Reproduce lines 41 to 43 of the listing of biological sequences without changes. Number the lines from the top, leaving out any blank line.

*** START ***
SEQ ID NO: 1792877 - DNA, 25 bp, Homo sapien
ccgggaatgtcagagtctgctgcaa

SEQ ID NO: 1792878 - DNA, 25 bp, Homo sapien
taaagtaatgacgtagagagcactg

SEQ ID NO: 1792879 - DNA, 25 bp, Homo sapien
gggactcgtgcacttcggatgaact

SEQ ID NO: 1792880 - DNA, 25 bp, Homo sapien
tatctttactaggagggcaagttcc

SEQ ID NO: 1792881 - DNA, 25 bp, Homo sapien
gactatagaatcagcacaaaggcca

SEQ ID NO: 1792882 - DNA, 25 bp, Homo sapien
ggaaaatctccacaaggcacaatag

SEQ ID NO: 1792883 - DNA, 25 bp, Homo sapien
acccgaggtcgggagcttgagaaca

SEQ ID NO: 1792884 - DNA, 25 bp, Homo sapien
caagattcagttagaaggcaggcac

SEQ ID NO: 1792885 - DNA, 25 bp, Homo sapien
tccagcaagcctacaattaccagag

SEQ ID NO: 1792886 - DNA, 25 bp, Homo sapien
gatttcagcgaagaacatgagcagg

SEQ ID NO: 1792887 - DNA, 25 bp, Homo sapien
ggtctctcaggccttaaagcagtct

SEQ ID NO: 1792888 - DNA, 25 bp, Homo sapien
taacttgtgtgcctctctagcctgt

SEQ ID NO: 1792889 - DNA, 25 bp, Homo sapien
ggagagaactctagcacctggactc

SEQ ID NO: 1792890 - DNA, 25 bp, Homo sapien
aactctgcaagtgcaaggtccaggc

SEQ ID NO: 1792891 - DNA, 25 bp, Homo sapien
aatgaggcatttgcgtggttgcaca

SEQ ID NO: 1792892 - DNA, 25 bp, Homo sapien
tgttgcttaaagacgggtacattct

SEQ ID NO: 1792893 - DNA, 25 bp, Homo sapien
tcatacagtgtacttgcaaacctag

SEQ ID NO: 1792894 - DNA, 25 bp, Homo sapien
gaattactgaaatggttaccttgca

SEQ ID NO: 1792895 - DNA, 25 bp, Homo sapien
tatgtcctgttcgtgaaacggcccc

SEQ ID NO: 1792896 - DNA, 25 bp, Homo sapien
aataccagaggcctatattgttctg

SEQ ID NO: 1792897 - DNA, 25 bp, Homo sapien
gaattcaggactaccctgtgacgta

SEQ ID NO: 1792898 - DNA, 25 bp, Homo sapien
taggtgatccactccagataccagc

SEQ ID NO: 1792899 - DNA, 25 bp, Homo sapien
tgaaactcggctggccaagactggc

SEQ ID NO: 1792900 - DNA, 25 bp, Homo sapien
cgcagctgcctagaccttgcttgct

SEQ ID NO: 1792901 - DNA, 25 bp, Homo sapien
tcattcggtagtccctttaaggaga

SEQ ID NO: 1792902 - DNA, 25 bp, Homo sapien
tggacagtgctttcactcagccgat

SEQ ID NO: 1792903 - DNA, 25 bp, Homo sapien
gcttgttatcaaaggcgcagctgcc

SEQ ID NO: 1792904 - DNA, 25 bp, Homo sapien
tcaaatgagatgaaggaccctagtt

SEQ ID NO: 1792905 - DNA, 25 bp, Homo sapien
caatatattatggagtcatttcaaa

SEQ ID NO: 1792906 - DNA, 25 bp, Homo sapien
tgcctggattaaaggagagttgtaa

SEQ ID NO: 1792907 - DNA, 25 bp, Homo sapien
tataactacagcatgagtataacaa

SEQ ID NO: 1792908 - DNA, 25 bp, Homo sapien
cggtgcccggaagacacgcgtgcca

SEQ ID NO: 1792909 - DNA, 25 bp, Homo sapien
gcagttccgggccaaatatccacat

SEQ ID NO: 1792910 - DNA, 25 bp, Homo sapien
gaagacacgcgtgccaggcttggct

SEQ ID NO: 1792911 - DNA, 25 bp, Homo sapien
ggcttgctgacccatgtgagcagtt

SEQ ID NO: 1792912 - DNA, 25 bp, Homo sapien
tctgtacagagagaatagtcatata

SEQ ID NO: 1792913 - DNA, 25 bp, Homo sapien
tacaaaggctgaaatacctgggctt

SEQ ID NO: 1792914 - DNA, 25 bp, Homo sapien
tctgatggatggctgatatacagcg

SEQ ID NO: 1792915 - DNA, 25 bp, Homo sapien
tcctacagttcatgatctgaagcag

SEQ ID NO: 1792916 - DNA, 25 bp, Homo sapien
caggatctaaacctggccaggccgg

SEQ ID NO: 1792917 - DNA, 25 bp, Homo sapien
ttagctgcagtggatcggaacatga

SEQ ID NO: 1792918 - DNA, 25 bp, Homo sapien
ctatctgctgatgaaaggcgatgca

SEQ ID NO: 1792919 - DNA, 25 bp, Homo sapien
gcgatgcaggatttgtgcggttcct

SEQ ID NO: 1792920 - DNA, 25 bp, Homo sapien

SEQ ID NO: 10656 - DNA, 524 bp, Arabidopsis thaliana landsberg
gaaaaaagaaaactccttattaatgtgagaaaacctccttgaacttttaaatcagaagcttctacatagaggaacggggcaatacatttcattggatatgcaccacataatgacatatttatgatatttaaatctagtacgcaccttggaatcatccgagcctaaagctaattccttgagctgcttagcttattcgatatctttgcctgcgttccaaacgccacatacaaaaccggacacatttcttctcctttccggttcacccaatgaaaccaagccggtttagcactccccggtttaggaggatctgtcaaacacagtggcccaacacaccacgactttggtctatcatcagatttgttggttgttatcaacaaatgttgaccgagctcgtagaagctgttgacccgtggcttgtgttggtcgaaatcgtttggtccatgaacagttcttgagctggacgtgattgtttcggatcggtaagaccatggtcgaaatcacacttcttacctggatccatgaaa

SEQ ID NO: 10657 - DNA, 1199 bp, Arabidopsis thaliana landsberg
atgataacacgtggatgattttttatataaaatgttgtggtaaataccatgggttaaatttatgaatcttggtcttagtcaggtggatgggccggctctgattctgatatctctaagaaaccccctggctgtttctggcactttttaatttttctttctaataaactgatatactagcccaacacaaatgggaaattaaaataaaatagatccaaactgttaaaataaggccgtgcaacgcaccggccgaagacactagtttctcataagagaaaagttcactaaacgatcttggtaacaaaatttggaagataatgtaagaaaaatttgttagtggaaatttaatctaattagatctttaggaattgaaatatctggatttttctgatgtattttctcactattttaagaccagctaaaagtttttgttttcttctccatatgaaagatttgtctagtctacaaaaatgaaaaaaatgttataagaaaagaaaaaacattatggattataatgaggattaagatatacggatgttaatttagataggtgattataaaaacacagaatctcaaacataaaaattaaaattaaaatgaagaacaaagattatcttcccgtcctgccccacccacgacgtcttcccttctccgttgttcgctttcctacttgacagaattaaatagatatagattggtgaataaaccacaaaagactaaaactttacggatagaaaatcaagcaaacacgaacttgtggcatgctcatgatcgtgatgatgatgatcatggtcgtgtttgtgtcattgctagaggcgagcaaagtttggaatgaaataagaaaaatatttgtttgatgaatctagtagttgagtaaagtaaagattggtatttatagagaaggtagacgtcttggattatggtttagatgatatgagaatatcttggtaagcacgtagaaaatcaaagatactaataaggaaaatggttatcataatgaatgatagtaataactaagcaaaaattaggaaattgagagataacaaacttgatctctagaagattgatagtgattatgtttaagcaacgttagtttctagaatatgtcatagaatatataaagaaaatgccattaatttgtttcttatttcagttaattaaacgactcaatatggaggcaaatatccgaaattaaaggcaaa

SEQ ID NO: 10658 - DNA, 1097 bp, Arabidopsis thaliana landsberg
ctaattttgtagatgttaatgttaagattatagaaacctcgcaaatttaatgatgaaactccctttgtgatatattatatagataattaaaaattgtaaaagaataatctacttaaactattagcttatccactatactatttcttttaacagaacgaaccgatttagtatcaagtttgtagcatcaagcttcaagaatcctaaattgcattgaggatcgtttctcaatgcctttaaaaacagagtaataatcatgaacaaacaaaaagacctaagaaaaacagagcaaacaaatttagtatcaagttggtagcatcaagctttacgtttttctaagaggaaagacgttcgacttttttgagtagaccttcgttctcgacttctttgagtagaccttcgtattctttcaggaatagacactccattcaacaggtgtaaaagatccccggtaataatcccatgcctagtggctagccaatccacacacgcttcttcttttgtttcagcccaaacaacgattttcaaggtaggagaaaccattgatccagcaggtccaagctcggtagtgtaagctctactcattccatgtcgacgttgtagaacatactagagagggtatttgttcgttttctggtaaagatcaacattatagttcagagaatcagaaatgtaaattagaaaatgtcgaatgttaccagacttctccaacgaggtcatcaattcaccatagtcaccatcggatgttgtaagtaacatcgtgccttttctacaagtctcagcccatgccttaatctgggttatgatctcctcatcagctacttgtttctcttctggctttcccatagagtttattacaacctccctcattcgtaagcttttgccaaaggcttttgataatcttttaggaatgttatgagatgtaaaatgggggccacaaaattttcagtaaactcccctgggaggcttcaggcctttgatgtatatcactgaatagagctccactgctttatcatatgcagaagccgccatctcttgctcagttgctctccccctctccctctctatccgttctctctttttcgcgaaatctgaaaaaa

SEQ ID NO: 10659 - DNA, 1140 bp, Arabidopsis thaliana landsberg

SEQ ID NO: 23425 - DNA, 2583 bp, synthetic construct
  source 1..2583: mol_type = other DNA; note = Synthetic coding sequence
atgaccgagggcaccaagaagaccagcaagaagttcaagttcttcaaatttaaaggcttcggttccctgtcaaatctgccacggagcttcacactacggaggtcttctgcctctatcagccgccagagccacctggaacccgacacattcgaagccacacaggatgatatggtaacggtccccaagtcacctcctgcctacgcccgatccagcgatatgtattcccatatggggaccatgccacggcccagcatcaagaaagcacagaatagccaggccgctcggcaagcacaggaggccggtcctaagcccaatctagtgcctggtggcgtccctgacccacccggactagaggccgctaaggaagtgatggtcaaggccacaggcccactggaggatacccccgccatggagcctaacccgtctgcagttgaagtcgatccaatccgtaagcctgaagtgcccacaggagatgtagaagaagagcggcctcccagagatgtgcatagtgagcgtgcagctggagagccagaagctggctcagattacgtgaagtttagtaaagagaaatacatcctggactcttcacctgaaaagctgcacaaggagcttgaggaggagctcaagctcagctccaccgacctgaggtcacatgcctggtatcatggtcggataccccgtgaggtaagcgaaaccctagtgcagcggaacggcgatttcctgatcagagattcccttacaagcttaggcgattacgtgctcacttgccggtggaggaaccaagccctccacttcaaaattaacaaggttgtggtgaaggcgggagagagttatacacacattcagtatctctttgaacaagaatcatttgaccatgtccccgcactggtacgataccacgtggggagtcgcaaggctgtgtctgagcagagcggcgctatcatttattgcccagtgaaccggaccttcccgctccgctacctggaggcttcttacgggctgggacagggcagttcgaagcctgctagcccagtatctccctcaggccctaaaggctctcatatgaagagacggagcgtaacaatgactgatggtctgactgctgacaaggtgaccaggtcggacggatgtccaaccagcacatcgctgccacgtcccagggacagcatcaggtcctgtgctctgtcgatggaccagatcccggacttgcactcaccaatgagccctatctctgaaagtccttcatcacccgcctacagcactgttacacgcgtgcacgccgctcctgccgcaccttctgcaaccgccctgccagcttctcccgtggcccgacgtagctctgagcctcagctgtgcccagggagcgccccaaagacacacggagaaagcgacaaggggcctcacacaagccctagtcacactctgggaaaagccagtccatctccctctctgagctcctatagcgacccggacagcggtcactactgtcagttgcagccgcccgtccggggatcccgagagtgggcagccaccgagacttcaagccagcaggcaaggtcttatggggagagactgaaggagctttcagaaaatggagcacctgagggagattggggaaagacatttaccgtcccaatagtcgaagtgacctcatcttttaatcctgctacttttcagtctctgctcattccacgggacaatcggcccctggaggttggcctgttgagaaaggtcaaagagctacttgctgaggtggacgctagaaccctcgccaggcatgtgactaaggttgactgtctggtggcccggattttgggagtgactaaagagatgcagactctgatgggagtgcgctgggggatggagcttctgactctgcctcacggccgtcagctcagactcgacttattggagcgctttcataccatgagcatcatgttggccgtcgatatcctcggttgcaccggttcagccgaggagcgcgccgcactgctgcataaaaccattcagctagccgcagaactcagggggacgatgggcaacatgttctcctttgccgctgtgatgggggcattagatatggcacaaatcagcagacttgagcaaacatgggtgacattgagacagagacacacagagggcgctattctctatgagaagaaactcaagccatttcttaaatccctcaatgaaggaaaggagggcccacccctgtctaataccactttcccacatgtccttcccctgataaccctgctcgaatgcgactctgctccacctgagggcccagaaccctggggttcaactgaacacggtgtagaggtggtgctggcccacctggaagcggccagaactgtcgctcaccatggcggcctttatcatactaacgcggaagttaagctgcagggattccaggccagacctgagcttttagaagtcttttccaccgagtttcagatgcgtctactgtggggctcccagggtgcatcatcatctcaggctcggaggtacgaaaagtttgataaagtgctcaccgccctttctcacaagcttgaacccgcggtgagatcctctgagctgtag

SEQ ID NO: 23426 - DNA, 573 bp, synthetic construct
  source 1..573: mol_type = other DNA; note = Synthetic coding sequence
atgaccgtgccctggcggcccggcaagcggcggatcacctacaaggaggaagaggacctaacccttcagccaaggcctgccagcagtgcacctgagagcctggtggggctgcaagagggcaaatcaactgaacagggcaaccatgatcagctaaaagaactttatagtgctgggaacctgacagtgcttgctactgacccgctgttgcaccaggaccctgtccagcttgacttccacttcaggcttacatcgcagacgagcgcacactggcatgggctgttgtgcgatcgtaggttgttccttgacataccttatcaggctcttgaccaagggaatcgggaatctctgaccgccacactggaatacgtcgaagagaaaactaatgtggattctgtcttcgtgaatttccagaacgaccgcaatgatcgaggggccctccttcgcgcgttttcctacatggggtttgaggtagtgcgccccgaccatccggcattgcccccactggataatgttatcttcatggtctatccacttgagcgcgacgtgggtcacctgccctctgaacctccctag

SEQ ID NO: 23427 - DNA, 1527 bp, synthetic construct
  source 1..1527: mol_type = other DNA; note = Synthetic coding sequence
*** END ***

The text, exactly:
SEQ ID NO: 1792897 - DNA, 25 bp, Homo sapien
gaattcaggactaccctgtgacgta

SEQ ID NO: 1792898 - DNA, 25 bp, Homo sapien